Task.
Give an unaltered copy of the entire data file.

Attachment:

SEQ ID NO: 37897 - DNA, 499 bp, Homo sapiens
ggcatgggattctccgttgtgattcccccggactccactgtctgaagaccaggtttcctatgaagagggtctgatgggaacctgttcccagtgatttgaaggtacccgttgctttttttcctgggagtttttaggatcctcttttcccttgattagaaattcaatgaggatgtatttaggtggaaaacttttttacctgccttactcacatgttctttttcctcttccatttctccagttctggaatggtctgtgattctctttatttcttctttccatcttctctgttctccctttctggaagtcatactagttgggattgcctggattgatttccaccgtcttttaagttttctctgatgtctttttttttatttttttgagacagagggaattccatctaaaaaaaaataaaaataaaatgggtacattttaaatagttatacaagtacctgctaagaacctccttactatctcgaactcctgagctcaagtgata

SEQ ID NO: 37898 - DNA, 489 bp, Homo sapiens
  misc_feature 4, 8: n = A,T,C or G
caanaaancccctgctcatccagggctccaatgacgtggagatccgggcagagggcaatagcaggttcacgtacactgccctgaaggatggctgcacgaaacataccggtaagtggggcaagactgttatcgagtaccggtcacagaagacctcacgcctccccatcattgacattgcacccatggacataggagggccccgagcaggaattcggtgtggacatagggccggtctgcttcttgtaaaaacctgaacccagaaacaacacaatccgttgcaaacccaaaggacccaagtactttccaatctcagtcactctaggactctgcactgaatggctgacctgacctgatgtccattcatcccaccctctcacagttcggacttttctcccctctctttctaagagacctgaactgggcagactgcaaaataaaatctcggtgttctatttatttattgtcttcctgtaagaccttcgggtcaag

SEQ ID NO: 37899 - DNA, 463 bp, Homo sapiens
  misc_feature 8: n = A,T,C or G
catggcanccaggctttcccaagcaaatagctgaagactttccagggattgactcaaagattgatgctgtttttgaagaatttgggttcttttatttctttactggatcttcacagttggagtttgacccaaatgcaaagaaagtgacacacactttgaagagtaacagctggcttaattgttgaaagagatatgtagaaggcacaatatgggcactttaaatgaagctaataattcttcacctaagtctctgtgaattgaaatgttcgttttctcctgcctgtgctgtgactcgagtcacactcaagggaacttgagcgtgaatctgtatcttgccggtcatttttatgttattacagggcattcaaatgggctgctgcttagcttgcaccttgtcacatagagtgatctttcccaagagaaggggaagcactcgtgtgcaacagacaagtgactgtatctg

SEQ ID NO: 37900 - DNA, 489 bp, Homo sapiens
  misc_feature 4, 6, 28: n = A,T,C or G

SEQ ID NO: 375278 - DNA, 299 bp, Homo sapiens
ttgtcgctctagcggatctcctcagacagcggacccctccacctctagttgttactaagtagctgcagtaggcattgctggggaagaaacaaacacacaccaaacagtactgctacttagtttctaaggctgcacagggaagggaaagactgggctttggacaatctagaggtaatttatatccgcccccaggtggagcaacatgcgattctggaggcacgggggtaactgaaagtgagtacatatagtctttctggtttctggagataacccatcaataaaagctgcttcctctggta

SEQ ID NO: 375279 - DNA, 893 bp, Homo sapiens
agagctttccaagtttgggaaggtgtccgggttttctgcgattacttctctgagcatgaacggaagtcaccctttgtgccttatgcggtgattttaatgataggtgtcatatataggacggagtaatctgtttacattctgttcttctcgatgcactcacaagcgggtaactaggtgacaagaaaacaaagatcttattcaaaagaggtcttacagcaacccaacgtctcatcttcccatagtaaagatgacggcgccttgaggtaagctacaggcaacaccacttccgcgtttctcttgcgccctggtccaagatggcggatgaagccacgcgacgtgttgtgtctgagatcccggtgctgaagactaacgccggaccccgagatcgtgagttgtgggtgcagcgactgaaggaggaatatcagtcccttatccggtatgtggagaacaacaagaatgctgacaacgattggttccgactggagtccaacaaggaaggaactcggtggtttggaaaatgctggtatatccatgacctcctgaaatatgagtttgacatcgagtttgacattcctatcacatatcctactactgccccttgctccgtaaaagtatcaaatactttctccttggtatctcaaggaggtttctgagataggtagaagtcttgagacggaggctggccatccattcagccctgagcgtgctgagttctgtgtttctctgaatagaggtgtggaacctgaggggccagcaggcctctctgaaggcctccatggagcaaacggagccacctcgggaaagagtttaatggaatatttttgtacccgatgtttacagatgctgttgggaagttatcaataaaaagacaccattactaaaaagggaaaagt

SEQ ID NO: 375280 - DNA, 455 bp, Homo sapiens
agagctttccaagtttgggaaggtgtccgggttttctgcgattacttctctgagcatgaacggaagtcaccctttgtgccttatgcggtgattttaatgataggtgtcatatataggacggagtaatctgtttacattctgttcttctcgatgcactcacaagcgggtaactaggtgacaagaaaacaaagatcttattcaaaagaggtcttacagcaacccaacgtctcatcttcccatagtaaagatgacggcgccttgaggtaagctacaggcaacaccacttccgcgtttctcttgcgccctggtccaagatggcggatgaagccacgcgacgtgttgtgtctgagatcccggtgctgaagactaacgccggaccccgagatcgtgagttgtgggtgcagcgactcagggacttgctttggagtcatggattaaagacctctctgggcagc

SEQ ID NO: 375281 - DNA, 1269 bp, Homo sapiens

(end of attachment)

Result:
SEQ ID NO: 37897 - DNA, 499 bp, Homo sapiens
ggcatgggattctccgttgtgattcccccggactccactgtctgaagaccaggtttcctatgaagagggtctgatgggaacctgttcccagtgatttgaaggtacccgttgctttttttcctgggagtttttaggatcctcttttcccttgattagaaattcaatgaggatgtatttaggtggaaaacttttttacctgccttactcacatgttctttttcctcttccatttctccagttctggaatggtctgtgattctctttatttcttctttccatcttctctgttctccctttctggaagtcatactagttgggattgcctggattgatttccaccgtcttttaagttttctctgatgtctttttttttatttttttgagacagagggaattccatctaaaaaaaaataaaaataaaatgggtacattttaaatagttatacaagtacctgctaagaacctccttactatctcgaactcctgagctcaagtgata

SEQ ID NO: 37898 - DNA, 489 bp, Homo sapiens
  misc_feature 4, 8: n = A,T,C or G
caanaaancccctgctcatccagggctccaatgacgtggagatccgggcagagggcaatagcaggttcacgtacactgccctgaaggatggctgcacgaaacataccggtaagtggggcaagactgttatcgagtaccggtcacagaagacctcacgcctccccatcattgacattgcacccatggacataggagggccccgagcaggaattcggtgtggacatagggccggtctgcttcttgtaaaaacctgaacccagaaacaacacaatccgttgcaaacccaaaggacccaagtactttccaatctcagtcactctaggactctgcactgaatggctgacctgacctgatgtccattcatcccaccctctcacagttcggacttttctcccctctctttctaagagacctgaactgggcagactgcaaaataaaatctcggtgttctatttatttattgtcttcctgtaagaccttcgggtcaag

SEQ ID NO: 37899 - DNA, 463 bp, Homo sapiens
  misc_feature 8: n = A,T,C or G
catggcanccaggctttcccaagcaaatagctgaagactttccagggattgactcaaagattgatgctgtttttgaagaatttgggttcttttatttctttactggatcttcacagttggagtttgacccaaatgcaaagaaagtgacacacactttgaagagtaacagctggcttaattgttgaaagagatatgtagaaggcacaatatgggcactttaaatgaagctaataattcttcacctaagtctctgtgaattgaaatgttcgttttctcctgcctgtgctgtgactcgagtcacactcaagggaacttgagcgtgaatctgtatcttgccggtcatttttatgttattacagggcattcaaatgggctgctgcttagcttgcaccttgtcacatagagtgatctttcccaagagaaggggaagcactcgtgtgcaacagacaagtgactgtatctg

SEQ ID NO: 37900 - DNA, 489 bp, Homo sapiens
  misc_feature 4, 6, 28: n = A,T,C or G

SEQ ID NO: 375278 - DNA, 299 bp, Homo sapiens
ttgtcgctctagcggatctcctcagacagcggacccctccacctctagttgttactaagtagctgcagtaggcattgctggggaagaaacaaacacacaccaaacagtactgctacttagtttctaaggctgcacagggaagggaaagactgggctttggacaatctagaggtaatttatatccgcccccaggtggagcaacatgcgattctggaggcacgggggtaactgaaagtgagtacatatagtctttctggtttctggagataacccatcaataaaagctgcttcctctggta

SEQ ID NO: 375279 - DNA, 893 bp, Homo sapiens
agagctttccaagtttgggaaggtgtccgggttttctgcgattacttctctgagcatgaacggaagtcaccctttgtgccttatgcggtgattttaatgataggtgtcatatataggacggagtaatctgtttacattctgttcttctcgatgcactcacaagcgggtaactaggtgacaagaaaacaaagatcttattcaaaagaggtcttacagcaacccaacgtctcatcttcccatagtaaagatgacggcgccttgaggtaagctacaggcaacaccacttccgcgtttctcttgcgccctggtccaagatggcggatgaagccacgcgacgtgttgtgtctgagatcccggtgctgaagactaacgccggaccccgagatcgtgagttgtgggtgcagcgactgaaggaggaatatcagtcccttatccggtatgtggagaacaacaagaatgctgacaacgattggttccgactggagtccaacaaggaaggaactcggtggtttggaaaatgctggtatatccatgacctcctgaaatatgagtttgacatcgagtttgacattcctatcacatatcctactactgccccttgctccgtaaaagtatcaaatactttctccttggtatctcaaggaggtttctgagataggtagaagtcttgagacggaggctggccatccattcagccctgagcgtgctgagttctgtgtttctctgaatagaggtgtggaacctgaggggccagcaggcctctctgaaggcctccatggagcaaacggagccacctcgggaaagagtttaatggaatatttttgtacccgatgtttacagatgctgttgggaagttatcaataaaaagacaccattactaaaaagggaaaagt

SEQ ID NO: 375280 - DNA, 455 bp, Homo sapiens
agagctttccaagtttgggaaggtgtccgggttttctgcgattacttctctgagcatgaacggaagtcaccctttgtgccttatgcggtgattttaatgataggtgtcatatataggacggagtaatctgtttacattctgttcttctcgatgcactcacaagcgggtaactaggtgacaagaaaacaaagatcttattcaaaagaggtcttacagcaacccaacgtctcatcttcccatagtaaagatgacggcgccttgaggtaagctacaggcaacaccacttccgcgtttctcttgcgccctggtccaagatggcggatgaagccacgcgacgtgttgtgtctgagatcccggtgctgaagactaacgccggaccccgagatcgtgagttgtgggtgcagcgactcagggacttgctttggagtcatggattaaagacctctctgggcagc

SEQ ID NO: 375281 - DNA, 1269 bp, Homo sapiens